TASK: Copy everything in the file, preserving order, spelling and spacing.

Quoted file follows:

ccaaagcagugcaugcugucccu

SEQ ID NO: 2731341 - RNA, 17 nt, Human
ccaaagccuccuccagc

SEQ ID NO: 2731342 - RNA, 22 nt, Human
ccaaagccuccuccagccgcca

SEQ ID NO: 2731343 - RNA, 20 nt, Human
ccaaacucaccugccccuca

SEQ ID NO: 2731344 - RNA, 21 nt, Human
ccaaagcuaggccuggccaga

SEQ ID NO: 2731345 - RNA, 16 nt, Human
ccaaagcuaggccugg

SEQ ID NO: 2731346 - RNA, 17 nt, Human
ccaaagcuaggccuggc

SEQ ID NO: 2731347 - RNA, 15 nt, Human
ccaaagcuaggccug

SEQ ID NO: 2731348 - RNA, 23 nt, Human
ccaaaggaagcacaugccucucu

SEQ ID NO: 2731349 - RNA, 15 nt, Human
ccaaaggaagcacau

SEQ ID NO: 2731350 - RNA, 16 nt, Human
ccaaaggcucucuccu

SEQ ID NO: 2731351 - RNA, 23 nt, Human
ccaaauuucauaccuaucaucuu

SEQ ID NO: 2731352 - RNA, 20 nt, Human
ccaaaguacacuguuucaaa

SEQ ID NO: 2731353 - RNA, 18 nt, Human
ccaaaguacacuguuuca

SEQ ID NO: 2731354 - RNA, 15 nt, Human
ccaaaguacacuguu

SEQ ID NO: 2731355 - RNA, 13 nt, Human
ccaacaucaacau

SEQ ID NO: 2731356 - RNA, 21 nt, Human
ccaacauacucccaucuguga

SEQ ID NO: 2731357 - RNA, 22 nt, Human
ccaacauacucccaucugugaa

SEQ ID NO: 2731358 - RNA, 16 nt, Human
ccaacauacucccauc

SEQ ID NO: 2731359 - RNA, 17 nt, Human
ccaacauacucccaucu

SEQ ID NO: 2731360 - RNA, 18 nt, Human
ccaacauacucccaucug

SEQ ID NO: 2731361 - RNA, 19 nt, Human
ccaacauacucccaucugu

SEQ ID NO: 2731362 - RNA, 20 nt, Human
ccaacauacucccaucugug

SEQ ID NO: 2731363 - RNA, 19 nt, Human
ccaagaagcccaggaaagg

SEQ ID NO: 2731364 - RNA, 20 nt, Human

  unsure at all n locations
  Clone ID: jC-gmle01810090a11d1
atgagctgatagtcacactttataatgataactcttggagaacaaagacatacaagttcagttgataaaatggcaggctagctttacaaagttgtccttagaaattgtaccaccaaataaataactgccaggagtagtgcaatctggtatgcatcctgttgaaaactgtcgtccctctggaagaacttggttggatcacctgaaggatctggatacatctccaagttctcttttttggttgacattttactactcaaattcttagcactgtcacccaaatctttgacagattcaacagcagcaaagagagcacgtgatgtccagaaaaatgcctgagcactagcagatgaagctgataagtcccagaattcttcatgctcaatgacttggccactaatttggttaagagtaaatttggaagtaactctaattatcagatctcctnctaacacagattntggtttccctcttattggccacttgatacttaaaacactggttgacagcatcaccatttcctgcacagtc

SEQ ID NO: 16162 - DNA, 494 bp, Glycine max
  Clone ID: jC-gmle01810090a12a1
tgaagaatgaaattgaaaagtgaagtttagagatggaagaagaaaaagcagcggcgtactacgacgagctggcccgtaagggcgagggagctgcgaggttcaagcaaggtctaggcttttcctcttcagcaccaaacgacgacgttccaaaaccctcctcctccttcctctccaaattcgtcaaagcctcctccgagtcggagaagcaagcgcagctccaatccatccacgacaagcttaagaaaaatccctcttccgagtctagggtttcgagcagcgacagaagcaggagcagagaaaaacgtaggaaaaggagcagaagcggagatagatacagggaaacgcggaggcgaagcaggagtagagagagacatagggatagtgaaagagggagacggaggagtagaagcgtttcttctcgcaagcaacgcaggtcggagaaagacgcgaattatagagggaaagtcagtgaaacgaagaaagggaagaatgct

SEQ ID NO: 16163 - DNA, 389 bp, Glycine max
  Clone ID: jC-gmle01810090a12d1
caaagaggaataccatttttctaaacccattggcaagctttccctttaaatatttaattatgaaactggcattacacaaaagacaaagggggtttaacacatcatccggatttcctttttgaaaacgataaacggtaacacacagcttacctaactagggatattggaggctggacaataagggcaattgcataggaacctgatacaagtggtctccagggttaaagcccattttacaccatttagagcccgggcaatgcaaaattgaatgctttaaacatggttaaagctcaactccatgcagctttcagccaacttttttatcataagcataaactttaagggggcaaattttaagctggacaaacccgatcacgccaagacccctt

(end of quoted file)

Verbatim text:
ccaaagcagugcaugcugucccu

SEQ ID NO: 2731341 - RNA, 17 nt, Human
ccaaagccuccuccagc

SEQ ID NO: 2731342 - RNA, 22 nt, Human
ccaaagccuccuccagccgcca

SEQ ID NO: 2731343 - RNA, 20 nt, Human
ccaaacucaccugccccuca

SEQ ID NO: 2731344 - RNA, 21 nt, Human
ccaaagcuaggccuggccaga

SEQ ID NO: 2731345 - RNA, 16 nt, Human
ccaaagcuaggccugg

SEQ ID NO: 2731346 - RNA, 17 nt, Human
ccaaagcuaggccuggc

SEQ ID NO: 2731347 - RNA, 15 nt, Human
ccaaagcuaggccug

SEQ ID NO: 2731348 - RNA, 23 nt, Human
ccaaaggaagcacaugccucucu

SEQ ID NO: 2731349 - RNA, 15 nt, Human
ccaaaggaagcacau

SEQ ID NO: 2731350 - RNA, 16 nt, Human
ccaaaggcucucuccu

SEQ ID NO: 2731351 - RNA, 23 nt, Human
ccaaauuucauaccuaucaucuu

SEQ ID NO: 2731352 - RNA, 20 nt, Human
ccaaaguacacuguuucaaa

SEQ ID NO: 2731353 - RNA, 18 nt, Human
ccaaaguacacuguuuca

SEQ ID NO: 2731354 - RNA, 15 nt, Human
ccaaaguacacuguu

SEQ ID NO: 2731355 - RNA, 13 nt, Human
ccaacaucaacau

SEQ ID NO: 2731356 - RNA, 21 nt, Human
ccaacauacucccaucuguga

SEQ ID NO: 2731357 - RNA, 22 nt, Human
ccaacauacucccaucugugaa

SEQ ID NO: 2731358 - RNA, 16 nt, Human
ccaacauacucccauc

SEQ ID NO: 2731359 - RNA, 17 nt, Human
ccaacauacucccaucu

SEQ ID NO: 2731360 - RNA, 18 nt, Human
ccaacauacucccaucug

SEQ ID NO: 2731361 - RNA, 19 nt, Human
ccaacauacucccaucugu

SEQ ID NO: 2731362 - RNA, 20 nt, Human
ccaacauacucccaucugug

SEQ ID NO: 2731363 - RNA, 19 nt, Human
ccaagaagcccaggaaagg

SEQ ID NO: 2731364 - RNA, 20 nt, Human

  unsure at all n locations
  Clone ID: jC-gmle01810090a11d1
atgagctgatagtcacactttataatgataactcttggagaacaaagacatacaagttcagttgataaaatggcaggctagctttacaaagttgtccttagaaattgtaccaccaaataaataactgccaggagtagtgcaatctggtatgcatcctgttgaaaactgtcgtccctctggaagaacttggttggatcacctgaaggatctggatacatctccaagttctcttttttggttgacattttactactcaaattcttagcactgtcacccaaatctttgacagattcaacagcagcaaagagagcacgtgatgtccagaaaaatgcctgagcactagcagatgaagctgataagtcccagaattcttcatgctcaatgacttggccactaatttggttaagagtaaatttggaagtaactctaattatcagatctcctnctaacacagattntggtttccctcttattggccacttgatacttaaaacactggttgacagcatcaccatttcctgcacagtc

SEQ ID NO: 16162 - DNA, 494 bp, Glycine max
  Clone ID: jC-gmle01810090a12a1
tgaagaatgaaattgaaaagtgaagtttagagatggaagaagaaaaagcagcggcgtactacgacgagctggcccgtaagggcgagggagctgcgaggttcaagcaaggtctaggcttttcctcttcagcaccaaacgacgacgttccaaaaccctcctcctccttcctctccaaattcgtcaaagcctcctccgagtcggagaagcaagcgcagctccaatccatccacgacaagcttaagaaaaatccctcttccgagtctagggtttcgagcagcgacagaagcaggagcagagaaaaacgtaggaaaaggagcagaagcggagatagatacagggaaacgcggaggcgaagcaggagtagagagagacatagggatagtgaaagagggagacggaggagtagaagcgtttcttctcgcaagcaacgcaggtcggagaaagacgcgaattatagagggaaagtcagtgaaacgaagaaagggaagaatgct

SEQ ID NO: 16163 - DNA, 389 bp, Glycine max
  Clone ID: jC-gmle01810090a12d1
caaagaggaataccatttttctaaacccattggcaagctttccctttaaatatttaattatgaaactggcattacacaaaagacaaagggggtttaacacatcatccggatttcctttttgaaaacgataaacggtaacacacagcttacctaactagggatattggaggctggacaataagggcaattgcataggaacctgatacaagtggtctccagggttaaagcccattttacaccatttagagcccgggcaatgcaaaattgaatgctttaaacatggttaaagctcaactccatgcagctttcagccaacttttttatcataagcataaactttaagggggcaaattttaagctggacaaacccgatcacgccaagacccctt